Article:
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Galleria Vittorio Emanuele II

Galleria Vittorio Emanuele II
LocationMilan, Italy
Coordinates45°27′56″N 9°11′24″E / 45.46556°N 9.19000°E / 45.46556; 9.19000
Opening date1877
OwnerComune of Milan
ArchitectGiuseppe Mengoni
Public transit access Duomo

The Galleria Vittorio Emanuele II (Italian: [ɡalleˈriːa vitˈtɔːrjo emanuˈɛːle seˈkondo]) is Italy's oldest active shopping gallery and a major landmark of Milan. Housed within a four-story double arcade in the centre of town,[1] the Galleria is named after Victor Emmanuel II, the first king of the Kingdom of Italy. It was designed in 1861 and built by architect Giuseppe Mengoni between 1865 and 1877.


The building under construction

The structure consists of two glass-vaulted arcades intersecting in an octagon covering the street connecting Piazza del Duomo to Piazza della Scala. The street is covered by an arching glass and cast iron roof, a popular design for 19th-century arcades, such as the Burlington Arcade in London, which was the prototype for larger glazed shopping arcades, beginning with the Saint-Hubert Gallery in Brussels (opened in 1847), the Passazh in St Petersburg (opened in 1848), the Galleria Umberto I in Naples (opened in 1890), and the Budapest Galleria.

The central octagonal space is topped with a glass dome. The Milanese Galleria was larger in scale than its predecessors and was an important step in the evolution of the modern glazed and enclosed shopping mall, of which it was the direct progenitor. It has inspired the use of the term galleria for many other shopping arcades and malls.[2]

On the ground of the central octagonal, there are four mosaics portraying the coat of arms of the three capitals of the Kingdom of Italy (Turin, Florence and Rome) plus Milan's. Tradition says that if a person spins around three times with a heel on the testicles of the bull from Turin coat of arms this will bring good luck. This practice causes damage to the mosaic: a hole developed on the place of the bull's genitals.[3]

The Galleria connects two of Milan's most famous landmarks: The Duomo and the Teatro Alla Scala, but the Galleria is a landmark in its own right.

The iron-and-glass roof

The Milan gallery and its roof have been acknowledged as an important reference on 19th-century iron-and-glass architecture by Pevsner[4] and Hitchcock.[5] As one can still observe today, the roof consists of four barrel vaults (approximately 14.5 m in width and 8.5 m in height) that are crowned with a huge dome (around 37.5 m as internal diameter and 17.10 m in height).[6] Jorini pointed out the accomplishments of this dome with special regard to the large dimensions.[7] Each of the roof parts is topped with a lantern.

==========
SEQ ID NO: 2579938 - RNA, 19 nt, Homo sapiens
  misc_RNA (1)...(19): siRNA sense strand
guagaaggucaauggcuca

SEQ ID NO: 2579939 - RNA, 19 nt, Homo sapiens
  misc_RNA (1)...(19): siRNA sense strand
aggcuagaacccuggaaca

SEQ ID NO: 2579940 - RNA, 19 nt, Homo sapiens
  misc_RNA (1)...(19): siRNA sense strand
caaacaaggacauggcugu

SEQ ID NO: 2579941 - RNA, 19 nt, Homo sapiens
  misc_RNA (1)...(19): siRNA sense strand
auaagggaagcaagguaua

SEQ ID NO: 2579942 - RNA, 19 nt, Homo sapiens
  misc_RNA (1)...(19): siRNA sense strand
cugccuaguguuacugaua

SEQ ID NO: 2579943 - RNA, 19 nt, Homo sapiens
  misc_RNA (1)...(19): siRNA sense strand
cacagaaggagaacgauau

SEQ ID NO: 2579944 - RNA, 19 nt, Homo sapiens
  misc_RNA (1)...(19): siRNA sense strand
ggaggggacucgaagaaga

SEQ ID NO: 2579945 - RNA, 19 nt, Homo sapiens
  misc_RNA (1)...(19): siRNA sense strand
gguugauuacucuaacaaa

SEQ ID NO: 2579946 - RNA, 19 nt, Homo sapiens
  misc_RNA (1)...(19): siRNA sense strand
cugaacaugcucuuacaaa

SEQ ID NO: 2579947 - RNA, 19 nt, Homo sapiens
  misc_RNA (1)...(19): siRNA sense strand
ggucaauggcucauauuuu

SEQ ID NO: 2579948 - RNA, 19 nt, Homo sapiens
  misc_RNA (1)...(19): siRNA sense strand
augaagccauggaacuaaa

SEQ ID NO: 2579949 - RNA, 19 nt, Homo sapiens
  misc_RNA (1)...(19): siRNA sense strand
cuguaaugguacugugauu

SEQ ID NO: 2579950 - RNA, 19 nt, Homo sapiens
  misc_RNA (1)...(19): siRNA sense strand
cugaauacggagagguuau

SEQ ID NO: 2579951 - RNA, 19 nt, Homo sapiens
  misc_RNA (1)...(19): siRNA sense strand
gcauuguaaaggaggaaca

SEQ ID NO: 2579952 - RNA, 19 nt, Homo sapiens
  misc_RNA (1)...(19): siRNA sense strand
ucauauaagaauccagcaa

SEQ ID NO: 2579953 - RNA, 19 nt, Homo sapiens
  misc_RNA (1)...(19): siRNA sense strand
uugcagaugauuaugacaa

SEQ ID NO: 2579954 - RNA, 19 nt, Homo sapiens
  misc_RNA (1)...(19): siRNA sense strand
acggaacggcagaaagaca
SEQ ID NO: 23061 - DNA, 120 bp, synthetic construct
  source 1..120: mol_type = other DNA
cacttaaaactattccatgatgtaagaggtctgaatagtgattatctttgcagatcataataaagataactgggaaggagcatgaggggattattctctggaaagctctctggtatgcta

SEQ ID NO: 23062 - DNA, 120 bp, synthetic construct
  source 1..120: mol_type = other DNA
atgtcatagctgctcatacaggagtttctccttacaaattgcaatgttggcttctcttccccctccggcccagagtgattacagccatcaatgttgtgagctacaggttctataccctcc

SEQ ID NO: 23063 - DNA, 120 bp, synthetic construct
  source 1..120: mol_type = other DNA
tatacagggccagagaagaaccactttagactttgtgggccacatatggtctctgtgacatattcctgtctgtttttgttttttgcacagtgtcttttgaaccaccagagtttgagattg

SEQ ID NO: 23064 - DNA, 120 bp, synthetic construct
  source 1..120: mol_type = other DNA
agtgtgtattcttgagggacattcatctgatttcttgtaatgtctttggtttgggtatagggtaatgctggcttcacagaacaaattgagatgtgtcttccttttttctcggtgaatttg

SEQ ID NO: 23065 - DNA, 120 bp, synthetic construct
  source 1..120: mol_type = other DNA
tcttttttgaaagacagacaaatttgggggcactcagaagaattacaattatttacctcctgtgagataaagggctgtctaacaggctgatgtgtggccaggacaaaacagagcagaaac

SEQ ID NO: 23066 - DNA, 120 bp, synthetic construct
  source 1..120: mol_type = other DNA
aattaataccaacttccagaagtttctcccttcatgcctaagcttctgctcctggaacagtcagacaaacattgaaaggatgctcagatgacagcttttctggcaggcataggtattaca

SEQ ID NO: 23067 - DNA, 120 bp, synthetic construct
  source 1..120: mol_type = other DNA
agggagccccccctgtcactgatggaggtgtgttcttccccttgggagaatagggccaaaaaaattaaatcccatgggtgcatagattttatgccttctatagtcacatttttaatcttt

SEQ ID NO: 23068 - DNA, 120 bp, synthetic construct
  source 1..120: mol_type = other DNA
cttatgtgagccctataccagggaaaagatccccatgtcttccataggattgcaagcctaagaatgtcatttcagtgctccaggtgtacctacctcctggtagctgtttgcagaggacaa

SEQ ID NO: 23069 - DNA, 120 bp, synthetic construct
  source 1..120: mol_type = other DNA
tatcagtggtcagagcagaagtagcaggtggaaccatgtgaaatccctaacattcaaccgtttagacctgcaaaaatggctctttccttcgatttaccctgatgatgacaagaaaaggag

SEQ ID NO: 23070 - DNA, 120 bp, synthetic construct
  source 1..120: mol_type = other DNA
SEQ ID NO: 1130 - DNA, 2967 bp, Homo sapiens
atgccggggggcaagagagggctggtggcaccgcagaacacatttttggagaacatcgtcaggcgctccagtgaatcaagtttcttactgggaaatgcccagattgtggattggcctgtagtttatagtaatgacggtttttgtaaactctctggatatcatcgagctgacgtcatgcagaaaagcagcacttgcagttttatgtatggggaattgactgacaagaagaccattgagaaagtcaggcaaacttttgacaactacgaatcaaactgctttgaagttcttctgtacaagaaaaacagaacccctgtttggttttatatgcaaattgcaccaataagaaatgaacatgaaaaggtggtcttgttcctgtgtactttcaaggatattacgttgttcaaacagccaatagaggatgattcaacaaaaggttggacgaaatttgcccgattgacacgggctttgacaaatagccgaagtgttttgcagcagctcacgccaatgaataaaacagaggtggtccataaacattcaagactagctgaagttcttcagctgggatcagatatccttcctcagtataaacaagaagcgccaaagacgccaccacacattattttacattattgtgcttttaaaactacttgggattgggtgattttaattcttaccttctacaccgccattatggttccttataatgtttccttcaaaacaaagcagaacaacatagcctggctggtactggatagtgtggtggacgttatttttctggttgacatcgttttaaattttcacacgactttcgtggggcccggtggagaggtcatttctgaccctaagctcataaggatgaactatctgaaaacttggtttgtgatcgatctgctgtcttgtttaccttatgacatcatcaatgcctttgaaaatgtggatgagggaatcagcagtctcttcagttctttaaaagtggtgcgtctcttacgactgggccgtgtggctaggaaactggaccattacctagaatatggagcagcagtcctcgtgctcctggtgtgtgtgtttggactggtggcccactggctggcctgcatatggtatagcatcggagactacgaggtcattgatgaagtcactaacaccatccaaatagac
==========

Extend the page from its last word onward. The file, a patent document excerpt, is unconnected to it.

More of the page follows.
The glass dome

According to Geist, the Milan gallery and the roof were unprecedented in dimensions by previously built shopping arcades.[8] Another difference with already existing passages, was the monumental character of the roof at Milan.[9] Jodice, for example, appreciated the monumental spatial effect of the dome.[10] In comparison to earlier emblematic arcades, such as Galerie d'Orléans (1828–1829) and Galeries Royales Saint-Hubert (1845–1847), the Milan arcade was also special because of the large spans of the vaults and the ethereal effect of the entire glass canopy.[11] The construction of the whole Gallery was the result of international collaboration.[12] This especially concerned the roof: the ironwork was produced, transported and installed by the French Atelier Henry Joret.[13] The glass plates were made of flat ribbed glass by Saint-Gobain.[14] The construction technology of the roof employs primary wrought-iron arches in order to support the glazing.[15] By contrast, arcades that were built earlier were smaller and had simpler roofs:[16] the same components were used for both load bearing and glazing purposes.[17] In addition, the roof at Milan was equipped with invisible reinforcements in the supporting walls.[18][19] This complicated roof is discussed as the unity of four systems that were skillfully combined through characteristic construction details.[20] This construction technology was creative for avoiding visible tie-rods in the spans of the vaults and the dome, for a special effect of the glass plates and for the glazing bars.[21]

The historical roof was heavily damaged during the aerial bombings of World War II.[22][23] Before that the roof had undergone multiple maintenance interventions.[24] Serious problems in the roof were reported in the 1970s,[25] and some of them were solved in the 1980s.[26] The roof that we see today has gone through different historic modifications and represents complicated conservation issues.[27] In 2015, in preparation for Expo Milano 2015, the facades, statues, and mosaics underwent detailed cleaning and repair, using a giant moving crane scaffolding system. [28]

Shops, restaurants and hotels

A view of the shops and coffeehouses